In late 2006 and early 2007, I tried to build a shortstacking poker bot.
Shortstacking, in a nutshell, is a strategy that advocates buying in for a relatively small amount of money compared to your opponents and then playing very aggressive preflop poker. Most opponents do not adjust correctly to your stack size, and, in theory, you can make a lot of money from their mistakes.
Here’s a quote from shortstacking strategy guide on what used to be DonkeyDevestation.com:
By buying in with 20bb, you control the size of the stacks that the hand is being played for, not your opponents. Most of your opponents will be making plays preflop that are suitable for a full stack game but would be losers against 20bb stacks, and therefore losers against you. They take the worst of it against you to play better against the others, and you profit from this. Many players will complain about short stack players, claiming they are “lame” or “unskilled”. And they are right. It is lame, and it does take less skill to play a short stack. But it is very profitable, especially in today’s games. Furthermore, unlike most strategies, short stack play actually becomes more effective as you move up in limits, because other players tend to be more aggressive preflop, meaning they are putting more money in with hands they would not raise if they were only playing against you.
Shortstacking was appealing to me as a first time bot developer because it had been written about fairly extensively and the strategy, at least from a preflop perspective, was pretty well defined.
Here, for example, is a chart of a player named cuzco, who successfully employed a shortstacking strategy:
How hard could it be to study his hand histories and have a bot emulate his decisions?
I already had a bit of experience writing add-ons for the PokerStars software (see PokerShark), so I figured it would only take a few weeks to get a prototype together.
In November 2006, I started programming.
The first major hurdle was figuring out how to read the chat box on the PokerStars client. PokerStars uses some custom controls which can’t easily be read using standard Windows API techniques, so I tried using Optical Character Recognition (OCR) to convert the pixels to words:
Eventually I figured out that PokerOffice, which makes a popular add-on for PokerStars, adds their own chat control on top of the default PokerStars one and it can be read using standard techniques. This was a big step because I no longer had to rely on OCR to get the text, which didn’t work very well (a lowercase L and a capital I look the same, for example).
Reading the text on the PokerStars Lobby was also important in order to automatically open new tables:
Using some shortstacking strategy guides as a starting point, I put together extensive preflop and postflop logic charts which were eventually implemented in the bot:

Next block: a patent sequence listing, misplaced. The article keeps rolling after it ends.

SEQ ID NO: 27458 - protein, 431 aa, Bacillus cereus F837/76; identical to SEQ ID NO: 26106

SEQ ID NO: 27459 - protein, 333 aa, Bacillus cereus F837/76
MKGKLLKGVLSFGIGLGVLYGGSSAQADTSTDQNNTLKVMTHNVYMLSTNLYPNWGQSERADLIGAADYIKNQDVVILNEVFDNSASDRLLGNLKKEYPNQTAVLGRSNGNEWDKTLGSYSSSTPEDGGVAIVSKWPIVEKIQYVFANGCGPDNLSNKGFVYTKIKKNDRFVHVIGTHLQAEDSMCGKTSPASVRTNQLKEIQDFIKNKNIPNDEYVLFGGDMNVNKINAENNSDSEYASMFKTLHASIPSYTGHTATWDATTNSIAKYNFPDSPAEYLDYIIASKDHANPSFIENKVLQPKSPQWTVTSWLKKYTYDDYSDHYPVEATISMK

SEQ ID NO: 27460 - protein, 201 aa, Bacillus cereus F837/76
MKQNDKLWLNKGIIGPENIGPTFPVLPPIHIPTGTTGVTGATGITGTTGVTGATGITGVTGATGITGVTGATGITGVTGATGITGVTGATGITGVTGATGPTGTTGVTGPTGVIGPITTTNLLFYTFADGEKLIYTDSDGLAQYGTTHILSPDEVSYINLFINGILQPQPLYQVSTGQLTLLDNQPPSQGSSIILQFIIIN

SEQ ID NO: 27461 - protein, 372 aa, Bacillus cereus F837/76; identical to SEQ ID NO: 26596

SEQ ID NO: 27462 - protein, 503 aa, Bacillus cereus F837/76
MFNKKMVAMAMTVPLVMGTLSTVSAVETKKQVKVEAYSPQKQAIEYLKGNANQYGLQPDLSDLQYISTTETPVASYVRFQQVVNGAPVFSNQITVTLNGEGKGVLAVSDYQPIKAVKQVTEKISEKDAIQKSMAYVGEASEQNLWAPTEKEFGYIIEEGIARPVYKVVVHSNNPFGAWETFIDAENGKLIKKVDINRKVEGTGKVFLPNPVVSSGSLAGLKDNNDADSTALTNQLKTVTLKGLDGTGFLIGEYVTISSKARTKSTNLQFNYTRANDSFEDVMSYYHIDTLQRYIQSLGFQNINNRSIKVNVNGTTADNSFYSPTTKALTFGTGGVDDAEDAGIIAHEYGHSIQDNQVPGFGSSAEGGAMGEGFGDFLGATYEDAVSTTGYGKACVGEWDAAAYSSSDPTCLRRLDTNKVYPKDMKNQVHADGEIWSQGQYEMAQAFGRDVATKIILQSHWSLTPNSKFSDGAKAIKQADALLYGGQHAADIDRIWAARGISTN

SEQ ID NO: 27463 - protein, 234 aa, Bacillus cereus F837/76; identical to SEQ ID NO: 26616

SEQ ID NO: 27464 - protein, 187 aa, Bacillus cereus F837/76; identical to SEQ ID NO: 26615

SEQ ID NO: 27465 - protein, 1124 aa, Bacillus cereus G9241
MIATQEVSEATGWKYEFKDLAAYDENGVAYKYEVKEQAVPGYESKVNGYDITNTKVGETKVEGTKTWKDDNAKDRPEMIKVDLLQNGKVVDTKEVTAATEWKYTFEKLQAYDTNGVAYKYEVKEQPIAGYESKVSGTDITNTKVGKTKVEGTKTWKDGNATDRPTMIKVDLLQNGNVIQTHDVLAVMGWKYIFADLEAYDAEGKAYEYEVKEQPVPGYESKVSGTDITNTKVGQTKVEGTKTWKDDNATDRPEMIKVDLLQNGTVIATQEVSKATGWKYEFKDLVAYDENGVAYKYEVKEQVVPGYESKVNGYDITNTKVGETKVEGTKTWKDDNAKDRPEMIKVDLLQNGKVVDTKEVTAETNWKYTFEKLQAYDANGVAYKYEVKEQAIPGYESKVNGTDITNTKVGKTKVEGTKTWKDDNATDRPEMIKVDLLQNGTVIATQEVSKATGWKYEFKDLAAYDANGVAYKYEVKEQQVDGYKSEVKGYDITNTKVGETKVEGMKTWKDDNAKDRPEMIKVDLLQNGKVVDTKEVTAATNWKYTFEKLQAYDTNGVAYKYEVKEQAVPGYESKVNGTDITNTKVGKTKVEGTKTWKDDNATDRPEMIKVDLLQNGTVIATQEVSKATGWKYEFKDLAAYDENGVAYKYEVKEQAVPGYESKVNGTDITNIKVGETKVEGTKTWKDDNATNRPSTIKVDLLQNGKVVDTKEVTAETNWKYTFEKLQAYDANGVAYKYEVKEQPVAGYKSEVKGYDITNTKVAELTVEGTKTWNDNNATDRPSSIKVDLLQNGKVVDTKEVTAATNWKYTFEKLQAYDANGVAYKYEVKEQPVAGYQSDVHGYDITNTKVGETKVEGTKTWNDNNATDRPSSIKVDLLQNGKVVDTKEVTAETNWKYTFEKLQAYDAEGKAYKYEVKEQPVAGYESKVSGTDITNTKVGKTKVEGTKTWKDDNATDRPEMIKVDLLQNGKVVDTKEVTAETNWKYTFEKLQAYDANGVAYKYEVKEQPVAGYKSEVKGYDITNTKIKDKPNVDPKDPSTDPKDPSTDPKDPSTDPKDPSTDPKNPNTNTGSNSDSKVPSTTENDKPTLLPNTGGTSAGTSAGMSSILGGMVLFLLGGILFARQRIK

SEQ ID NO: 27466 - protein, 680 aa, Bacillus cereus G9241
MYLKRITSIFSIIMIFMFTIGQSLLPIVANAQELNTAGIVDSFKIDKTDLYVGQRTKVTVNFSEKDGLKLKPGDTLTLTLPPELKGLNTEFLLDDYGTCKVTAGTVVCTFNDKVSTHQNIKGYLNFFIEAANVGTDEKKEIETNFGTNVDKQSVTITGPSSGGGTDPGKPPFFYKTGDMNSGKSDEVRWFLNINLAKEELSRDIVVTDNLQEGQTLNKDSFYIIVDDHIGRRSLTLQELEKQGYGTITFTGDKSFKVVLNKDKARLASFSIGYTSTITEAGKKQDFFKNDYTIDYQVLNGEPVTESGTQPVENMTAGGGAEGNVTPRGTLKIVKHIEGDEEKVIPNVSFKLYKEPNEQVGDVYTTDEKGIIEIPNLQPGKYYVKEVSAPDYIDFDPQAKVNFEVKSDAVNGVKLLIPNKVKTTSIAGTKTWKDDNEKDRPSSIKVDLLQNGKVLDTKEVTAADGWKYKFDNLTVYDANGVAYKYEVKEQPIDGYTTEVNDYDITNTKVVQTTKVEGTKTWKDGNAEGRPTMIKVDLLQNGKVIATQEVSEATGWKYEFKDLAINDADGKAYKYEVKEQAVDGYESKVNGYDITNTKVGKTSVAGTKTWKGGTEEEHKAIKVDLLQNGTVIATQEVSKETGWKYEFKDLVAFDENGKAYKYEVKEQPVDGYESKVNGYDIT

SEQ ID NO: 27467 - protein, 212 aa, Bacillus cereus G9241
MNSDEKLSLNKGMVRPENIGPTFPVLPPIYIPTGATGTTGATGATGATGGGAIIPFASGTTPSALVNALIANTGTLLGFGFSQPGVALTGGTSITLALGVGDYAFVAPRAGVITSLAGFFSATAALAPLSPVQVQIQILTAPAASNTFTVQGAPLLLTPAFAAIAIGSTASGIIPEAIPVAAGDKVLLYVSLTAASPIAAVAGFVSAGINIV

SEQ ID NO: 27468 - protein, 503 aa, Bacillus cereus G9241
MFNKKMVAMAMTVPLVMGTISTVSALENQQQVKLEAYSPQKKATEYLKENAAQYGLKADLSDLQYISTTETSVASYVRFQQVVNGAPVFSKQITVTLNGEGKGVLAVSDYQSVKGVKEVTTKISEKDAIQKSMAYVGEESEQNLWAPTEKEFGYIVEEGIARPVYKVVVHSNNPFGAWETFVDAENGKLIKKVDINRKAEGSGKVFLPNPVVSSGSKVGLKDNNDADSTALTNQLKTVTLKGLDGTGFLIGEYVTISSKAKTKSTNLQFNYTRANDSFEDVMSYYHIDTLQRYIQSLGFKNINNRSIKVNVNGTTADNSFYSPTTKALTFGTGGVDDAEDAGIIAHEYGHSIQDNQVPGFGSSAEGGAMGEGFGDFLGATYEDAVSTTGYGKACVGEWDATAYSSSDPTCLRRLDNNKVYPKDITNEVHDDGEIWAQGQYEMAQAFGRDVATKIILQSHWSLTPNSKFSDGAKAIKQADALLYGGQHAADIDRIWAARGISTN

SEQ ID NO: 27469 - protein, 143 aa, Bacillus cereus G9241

By the end of January, I had a working product:
It was capable of multitabling like the machine it was:
Most days it lost money, which was to be expected during development, but some days it did very well:
And that often gave me hope that the changes I had made the previous day were all that was needed to finally make it profitable.
I did a lot of A/B testing to try to measure what effect, if any, the changes I was making were effective:
Another thing I had to worry about were CAPTCHAs, which PokerStars is fond of using to identify bots:
Eventually I realized that conditional statements were not enough. There are simply too many situations in No Limit Texas Hold’em to account for–even when you’re shortstacking. For example, how do you take into account bet sizes and your opponent’s stack size? “IF … THEN” could not adequately handle that, so I started playing around with Expected Value (EV) calculations:
Unfortunately at the time I didn’t have the tools to implement these techniques.
Nonetheless, I persisted with the shortstacking bot, believing that it only would take a few more changes before it was profitable.
March rolled by…
And April came around…
But, despite my best efforts to turn it profitable, it kept losing.
By the time I decided to quit at the end April, the bot had played roughly 49K hands and blown through more than $1,300:
Shortstacking, it seemed, was harder than it looked.
What I eventually realized is that your profits from shortstacking come from a few key decisions and if you didn’t make the correct moves at those moments, you couldn’t win enough to be profitable. In other words, I may have had a 90% solution–though I doubt it–but because it couldn’t make the correct decision that remaining 10% of the time, it could never be profitable in the long run.
Frustrated but determined not to let the work go to waste, I decided to start from scratch and to build a No Limit Heads Up Sit-n-Go (HUSNG) bot. That was my game of choice and I figured as long as I’m going to work on something, it might as well be with a game that I enjoy and had a lot of experience with.
Tatta, one of the most profitable Sit-n-Go players on PokerStars, was my inspiration:
“If I could only achieve a fraction of his success,” I reasoned to myself, “this will have been worth it.”
For the rest of this story, I’ll point you to the previous 11 posts about the HUSNG bot.
To sum it it: after several more months of work it was profitable, but shortly thereafter, PokerStars caught it and closed my account.